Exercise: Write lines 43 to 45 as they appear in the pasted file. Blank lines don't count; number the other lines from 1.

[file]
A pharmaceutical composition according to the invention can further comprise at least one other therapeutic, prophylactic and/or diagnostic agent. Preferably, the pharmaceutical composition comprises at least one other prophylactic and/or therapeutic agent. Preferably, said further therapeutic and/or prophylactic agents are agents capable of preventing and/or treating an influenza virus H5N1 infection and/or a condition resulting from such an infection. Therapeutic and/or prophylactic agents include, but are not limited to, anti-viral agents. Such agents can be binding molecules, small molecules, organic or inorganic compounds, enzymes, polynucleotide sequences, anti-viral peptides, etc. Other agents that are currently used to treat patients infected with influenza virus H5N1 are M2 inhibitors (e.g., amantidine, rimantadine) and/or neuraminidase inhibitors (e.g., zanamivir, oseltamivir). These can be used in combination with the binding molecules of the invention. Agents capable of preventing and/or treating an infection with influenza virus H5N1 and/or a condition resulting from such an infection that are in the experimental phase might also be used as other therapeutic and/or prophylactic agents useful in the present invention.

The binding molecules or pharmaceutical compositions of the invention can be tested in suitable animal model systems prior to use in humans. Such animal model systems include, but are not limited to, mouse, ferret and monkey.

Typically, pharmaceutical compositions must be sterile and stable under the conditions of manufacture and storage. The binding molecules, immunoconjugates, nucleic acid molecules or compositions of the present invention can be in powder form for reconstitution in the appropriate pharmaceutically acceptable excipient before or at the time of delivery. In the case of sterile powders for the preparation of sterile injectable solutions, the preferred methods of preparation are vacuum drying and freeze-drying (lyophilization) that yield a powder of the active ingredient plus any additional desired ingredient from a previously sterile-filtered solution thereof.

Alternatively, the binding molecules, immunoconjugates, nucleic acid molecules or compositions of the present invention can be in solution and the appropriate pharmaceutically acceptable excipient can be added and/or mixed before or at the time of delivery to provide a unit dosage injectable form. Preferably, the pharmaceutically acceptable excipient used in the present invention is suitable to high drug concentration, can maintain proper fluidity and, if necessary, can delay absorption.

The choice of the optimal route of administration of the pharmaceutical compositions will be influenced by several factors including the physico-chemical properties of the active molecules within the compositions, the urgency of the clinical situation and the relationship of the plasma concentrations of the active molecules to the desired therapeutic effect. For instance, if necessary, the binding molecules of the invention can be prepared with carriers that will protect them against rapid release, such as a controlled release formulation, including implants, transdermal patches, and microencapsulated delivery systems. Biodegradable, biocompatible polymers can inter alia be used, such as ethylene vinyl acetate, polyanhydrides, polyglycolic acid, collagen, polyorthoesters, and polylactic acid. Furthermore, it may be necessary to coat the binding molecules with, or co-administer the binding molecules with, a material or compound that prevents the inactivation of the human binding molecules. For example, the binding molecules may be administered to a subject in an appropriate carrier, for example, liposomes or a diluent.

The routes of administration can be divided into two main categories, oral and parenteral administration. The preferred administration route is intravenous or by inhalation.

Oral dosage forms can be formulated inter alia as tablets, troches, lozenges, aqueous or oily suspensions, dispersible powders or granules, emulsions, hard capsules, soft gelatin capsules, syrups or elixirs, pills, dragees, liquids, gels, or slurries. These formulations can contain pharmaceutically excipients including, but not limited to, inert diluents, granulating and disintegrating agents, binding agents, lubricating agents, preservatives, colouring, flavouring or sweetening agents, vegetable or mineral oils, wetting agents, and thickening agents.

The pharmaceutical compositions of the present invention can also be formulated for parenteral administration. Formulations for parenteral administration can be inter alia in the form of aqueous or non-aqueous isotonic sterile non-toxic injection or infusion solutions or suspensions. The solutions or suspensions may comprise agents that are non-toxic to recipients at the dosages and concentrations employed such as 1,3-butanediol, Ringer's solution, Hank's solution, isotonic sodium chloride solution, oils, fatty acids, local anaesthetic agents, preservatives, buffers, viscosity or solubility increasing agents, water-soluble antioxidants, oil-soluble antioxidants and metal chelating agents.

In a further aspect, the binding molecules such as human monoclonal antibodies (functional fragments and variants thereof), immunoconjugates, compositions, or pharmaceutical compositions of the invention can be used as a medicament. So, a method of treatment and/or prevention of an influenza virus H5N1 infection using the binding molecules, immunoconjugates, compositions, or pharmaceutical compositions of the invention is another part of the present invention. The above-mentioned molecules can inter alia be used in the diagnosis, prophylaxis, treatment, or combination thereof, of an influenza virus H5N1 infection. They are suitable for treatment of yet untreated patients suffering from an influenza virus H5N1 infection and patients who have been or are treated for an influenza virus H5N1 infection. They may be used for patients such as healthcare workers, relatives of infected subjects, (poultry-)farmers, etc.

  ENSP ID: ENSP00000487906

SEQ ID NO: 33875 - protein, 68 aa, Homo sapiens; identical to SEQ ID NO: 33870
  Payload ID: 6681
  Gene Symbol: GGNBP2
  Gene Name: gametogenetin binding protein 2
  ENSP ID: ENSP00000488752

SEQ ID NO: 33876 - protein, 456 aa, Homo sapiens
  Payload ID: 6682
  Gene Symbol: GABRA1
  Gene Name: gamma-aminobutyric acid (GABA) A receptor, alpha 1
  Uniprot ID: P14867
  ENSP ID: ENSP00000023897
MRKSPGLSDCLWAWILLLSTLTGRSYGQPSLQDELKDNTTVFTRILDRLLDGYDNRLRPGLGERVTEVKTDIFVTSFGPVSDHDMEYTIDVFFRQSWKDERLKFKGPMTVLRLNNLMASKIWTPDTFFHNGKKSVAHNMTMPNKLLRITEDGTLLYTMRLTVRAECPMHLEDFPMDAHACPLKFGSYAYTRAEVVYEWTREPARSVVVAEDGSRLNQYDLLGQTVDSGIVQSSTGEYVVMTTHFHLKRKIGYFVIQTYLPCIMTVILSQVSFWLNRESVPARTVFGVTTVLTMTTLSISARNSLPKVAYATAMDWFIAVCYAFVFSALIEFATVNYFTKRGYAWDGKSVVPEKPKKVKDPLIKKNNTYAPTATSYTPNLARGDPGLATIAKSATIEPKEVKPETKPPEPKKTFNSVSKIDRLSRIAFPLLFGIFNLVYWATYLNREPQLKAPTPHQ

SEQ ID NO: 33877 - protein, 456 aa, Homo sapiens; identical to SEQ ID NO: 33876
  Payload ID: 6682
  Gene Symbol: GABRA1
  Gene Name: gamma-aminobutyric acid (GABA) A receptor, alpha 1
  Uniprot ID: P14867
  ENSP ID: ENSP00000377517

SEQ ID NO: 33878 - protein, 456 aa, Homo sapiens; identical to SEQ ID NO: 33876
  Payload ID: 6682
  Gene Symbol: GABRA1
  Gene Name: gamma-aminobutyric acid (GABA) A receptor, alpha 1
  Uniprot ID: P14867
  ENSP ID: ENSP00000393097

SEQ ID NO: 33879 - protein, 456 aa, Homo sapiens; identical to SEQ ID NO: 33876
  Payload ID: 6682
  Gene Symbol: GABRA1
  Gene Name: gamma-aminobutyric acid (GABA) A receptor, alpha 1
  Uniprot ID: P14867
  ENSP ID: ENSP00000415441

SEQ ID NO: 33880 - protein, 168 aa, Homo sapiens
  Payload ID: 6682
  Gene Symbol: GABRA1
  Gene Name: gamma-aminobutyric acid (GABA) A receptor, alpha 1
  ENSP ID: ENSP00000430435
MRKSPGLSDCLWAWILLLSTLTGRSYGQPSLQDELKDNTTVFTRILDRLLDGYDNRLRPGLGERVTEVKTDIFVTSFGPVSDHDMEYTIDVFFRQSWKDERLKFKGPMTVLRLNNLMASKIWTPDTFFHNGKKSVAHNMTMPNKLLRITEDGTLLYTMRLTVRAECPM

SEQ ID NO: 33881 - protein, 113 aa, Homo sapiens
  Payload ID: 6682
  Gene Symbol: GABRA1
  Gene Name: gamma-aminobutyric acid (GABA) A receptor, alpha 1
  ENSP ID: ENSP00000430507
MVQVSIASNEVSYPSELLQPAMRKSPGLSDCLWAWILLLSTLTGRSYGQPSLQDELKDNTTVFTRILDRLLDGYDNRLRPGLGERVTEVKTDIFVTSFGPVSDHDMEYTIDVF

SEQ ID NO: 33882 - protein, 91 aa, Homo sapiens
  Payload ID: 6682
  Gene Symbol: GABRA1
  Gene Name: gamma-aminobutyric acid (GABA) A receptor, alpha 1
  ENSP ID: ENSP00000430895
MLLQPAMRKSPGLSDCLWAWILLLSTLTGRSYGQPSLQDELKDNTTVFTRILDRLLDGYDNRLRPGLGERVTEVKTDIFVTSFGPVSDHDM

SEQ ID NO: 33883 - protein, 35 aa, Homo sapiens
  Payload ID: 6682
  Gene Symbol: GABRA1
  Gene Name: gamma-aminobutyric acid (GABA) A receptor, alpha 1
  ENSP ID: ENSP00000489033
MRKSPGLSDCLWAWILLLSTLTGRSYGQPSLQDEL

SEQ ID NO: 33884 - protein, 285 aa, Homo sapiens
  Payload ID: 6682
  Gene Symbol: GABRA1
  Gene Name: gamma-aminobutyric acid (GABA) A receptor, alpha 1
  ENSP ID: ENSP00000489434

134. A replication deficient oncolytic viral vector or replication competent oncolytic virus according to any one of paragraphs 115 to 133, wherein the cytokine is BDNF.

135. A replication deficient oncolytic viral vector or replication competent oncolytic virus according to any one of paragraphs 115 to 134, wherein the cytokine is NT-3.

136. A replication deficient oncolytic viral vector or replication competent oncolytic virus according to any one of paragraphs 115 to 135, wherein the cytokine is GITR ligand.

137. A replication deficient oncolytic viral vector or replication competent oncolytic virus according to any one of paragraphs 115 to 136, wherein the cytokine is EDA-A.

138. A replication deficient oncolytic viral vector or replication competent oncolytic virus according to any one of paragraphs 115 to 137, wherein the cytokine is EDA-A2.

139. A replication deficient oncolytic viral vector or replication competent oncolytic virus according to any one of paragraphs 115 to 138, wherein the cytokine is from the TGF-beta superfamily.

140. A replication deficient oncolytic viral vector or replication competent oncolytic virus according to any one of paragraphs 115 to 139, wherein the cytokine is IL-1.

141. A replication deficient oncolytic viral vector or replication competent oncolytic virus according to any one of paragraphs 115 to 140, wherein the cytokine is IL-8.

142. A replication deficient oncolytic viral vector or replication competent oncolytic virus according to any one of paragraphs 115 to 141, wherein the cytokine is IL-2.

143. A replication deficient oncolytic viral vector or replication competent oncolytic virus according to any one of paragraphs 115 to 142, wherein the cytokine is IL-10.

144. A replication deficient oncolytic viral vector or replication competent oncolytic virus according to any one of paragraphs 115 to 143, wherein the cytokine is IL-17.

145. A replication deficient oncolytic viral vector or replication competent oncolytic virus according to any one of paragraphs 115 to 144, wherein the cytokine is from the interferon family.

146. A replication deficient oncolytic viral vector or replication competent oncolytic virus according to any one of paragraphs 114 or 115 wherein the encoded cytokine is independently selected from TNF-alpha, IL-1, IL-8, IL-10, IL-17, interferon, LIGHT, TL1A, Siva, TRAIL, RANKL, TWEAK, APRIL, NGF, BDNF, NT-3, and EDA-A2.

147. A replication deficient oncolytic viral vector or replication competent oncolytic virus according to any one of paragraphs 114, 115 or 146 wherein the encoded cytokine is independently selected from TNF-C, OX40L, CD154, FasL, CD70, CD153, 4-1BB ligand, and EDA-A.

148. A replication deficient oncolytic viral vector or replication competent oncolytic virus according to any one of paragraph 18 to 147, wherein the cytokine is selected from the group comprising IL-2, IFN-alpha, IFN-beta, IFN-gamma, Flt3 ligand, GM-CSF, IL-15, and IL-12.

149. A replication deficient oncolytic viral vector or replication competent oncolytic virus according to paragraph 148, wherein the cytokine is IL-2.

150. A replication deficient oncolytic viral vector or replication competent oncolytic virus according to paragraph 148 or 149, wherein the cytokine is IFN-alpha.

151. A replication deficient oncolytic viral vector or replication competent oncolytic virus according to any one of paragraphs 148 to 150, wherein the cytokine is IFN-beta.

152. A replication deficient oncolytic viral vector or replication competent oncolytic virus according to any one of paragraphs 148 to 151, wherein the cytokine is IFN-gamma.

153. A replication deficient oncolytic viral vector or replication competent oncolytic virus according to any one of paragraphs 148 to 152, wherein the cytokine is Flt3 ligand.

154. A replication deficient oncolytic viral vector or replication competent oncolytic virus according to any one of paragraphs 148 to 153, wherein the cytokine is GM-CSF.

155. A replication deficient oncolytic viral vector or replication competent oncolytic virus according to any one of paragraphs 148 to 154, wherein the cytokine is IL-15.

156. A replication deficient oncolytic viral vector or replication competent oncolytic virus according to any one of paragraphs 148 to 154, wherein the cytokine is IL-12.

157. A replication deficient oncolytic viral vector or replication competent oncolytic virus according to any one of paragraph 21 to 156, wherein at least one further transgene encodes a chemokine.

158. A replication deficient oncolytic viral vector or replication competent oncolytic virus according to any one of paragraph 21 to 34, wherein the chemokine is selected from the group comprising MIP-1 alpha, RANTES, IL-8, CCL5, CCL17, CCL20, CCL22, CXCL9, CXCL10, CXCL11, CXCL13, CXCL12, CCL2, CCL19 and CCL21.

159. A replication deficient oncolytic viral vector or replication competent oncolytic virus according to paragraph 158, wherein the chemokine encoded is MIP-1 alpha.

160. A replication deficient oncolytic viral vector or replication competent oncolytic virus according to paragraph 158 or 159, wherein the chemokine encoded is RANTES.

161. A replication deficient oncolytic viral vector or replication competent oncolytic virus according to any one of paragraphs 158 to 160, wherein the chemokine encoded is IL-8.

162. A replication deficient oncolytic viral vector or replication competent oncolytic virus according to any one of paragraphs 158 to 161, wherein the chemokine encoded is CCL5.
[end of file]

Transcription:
  Gene Symbol: GABRA1
  Gene Name: gamma-aminobutyric acid (GABA) A receptor, alpha 1
  ENSP ID: ENSP00000430435